Brother Ali

The second full album from Brother Ali sees him turn a recent divorce, being a single dad and coping with losing his mother to cancer into more than a few tasty nuggets of hard hitting, intelligent hip hop. Since his debut Shadows On The Sun, Brother Ali has often become a breath of fresh air in this hip hop game blending well crafted lyrics with bass heavy, rolling beats. As a devout Muslim his raps have always been very earnest which set my alarm bells ringing from the start. While the constant tirade of thug rap bores the hell out of me there's something about rap with an overly positive message that makes me cringe, even if what they are saying is what I believe. But Brother Ali repeatedly avoids this pit fall often peppering this outlook with normal behavior like swearing and the odd bit of comedy.

To be honest, Shadows On The Sun blended these things more successfully and this album is starting to show signs of over-seriousness, a road Blackalicious took a while ago and their creativity has never recovered. A lot has happened to Ali since his debut which would explain this shift. His now ex-wife seems to have tried to kill him and her demise has left him in sole custody of his son, for the whole story see Walking Away. There has also been a war or two (Letter From The Government.)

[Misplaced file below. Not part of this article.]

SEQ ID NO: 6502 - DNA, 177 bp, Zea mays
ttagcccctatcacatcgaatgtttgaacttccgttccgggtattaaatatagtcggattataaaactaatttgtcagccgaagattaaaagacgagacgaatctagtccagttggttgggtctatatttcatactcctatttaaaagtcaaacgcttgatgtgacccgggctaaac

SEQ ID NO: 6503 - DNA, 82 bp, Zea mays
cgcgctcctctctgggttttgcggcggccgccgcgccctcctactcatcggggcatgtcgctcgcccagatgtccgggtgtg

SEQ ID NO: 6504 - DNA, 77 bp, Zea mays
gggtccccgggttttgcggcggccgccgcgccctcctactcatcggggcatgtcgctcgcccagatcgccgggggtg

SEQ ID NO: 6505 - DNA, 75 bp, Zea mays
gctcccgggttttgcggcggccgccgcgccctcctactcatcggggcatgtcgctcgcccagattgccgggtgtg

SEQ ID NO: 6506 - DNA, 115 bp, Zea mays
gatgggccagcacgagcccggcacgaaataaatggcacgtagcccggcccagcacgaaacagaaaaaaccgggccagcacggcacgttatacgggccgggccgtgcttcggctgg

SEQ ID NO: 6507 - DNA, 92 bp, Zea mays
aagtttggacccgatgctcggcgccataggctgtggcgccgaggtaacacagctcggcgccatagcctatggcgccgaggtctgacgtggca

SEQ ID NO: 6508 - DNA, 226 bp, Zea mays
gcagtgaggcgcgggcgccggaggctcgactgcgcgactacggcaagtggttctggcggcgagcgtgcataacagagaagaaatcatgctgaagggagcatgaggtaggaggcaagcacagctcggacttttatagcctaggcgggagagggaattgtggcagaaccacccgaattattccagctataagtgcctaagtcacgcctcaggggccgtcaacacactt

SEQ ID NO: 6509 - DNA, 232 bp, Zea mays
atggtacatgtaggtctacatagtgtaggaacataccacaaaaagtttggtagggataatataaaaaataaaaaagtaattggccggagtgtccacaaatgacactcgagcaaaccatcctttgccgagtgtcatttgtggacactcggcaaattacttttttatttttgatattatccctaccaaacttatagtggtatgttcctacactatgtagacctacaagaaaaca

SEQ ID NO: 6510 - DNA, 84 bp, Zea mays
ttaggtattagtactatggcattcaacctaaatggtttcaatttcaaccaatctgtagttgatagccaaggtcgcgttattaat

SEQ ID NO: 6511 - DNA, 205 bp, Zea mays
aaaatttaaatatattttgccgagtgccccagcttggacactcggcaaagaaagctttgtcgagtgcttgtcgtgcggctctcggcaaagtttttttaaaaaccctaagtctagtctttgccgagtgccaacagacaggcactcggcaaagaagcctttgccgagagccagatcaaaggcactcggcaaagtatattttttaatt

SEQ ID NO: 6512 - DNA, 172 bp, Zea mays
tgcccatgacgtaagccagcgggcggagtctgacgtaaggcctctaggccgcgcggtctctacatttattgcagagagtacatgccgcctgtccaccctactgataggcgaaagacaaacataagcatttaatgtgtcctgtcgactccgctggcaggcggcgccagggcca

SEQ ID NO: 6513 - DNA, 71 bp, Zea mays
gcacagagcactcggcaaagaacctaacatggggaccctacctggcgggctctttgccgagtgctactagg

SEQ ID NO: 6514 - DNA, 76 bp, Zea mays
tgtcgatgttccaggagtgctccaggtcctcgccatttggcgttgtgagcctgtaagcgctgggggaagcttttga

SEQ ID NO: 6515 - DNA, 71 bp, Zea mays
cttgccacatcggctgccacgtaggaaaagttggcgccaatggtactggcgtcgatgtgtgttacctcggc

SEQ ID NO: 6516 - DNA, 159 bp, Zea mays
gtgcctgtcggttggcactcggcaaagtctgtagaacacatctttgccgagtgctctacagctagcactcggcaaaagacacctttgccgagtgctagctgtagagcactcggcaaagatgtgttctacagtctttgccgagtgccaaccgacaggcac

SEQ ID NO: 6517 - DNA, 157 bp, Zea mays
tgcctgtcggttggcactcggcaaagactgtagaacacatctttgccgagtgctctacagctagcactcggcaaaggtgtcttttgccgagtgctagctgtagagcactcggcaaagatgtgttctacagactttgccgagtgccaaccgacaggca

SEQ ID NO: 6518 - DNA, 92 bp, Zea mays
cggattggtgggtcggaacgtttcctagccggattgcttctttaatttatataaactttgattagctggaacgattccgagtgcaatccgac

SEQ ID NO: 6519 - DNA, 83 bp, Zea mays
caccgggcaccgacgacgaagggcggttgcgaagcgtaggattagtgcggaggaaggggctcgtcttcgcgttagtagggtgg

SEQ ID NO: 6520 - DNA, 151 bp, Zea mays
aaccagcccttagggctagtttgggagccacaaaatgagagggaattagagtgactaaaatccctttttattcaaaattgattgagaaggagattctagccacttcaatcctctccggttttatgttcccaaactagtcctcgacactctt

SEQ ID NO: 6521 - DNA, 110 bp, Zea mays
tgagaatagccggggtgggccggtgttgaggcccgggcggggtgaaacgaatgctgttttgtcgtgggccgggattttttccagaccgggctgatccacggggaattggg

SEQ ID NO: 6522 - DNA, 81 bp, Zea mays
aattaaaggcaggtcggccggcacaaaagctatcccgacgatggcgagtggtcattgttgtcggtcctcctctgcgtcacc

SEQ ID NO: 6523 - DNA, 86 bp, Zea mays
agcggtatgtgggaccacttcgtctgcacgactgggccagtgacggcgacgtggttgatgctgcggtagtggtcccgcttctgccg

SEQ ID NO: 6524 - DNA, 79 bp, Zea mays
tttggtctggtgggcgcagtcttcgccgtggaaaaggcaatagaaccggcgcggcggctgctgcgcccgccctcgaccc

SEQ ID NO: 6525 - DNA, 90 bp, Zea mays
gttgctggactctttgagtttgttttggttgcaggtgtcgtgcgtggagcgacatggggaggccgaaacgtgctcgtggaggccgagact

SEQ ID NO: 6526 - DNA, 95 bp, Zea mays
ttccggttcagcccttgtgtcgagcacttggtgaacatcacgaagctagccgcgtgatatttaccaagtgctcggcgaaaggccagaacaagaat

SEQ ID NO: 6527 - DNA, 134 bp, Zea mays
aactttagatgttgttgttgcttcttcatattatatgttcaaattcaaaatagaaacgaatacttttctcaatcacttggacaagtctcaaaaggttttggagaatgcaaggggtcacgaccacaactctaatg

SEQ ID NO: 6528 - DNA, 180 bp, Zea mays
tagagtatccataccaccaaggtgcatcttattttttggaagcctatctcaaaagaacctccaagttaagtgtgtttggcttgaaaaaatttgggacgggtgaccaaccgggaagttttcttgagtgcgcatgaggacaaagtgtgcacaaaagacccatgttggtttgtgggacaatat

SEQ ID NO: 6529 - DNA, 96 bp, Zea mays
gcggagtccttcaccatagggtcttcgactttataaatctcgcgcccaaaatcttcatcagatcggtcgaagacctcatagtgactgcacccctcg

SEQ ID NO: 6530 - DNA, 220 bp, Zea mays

But running through all this is what makes Brother Ali so individual, his flow. He has a style that can bring to mind Nelly or 50 Cent but is at the same time totally unique and with Atmosphere's Ant concocting deep, thundering beats the result is addictive. He can alter this style for slower beats (Here) making them intimate and then rise gloriously to beats like the awesome The Puzzle or the fierce Listen Up. The album is very well paced giving the listener time to recover with light numbers like Take Me Home and Uncle Sam Goddamn the kind of bumping swagger that would be ideal to bounce to in a low-ride ...if only my Nissan could handle it.

Though not quite so appealing as his debut, The Undisputed Truth is better than most and being an albino muslim rapper he can't help to make hip hop that looks at things differently. As long as he can keep his faith to a footnote and maintain his unique ability to spit the hard rhymes as well as the laid back tracks then he will continue to be a worthy light in these dark times.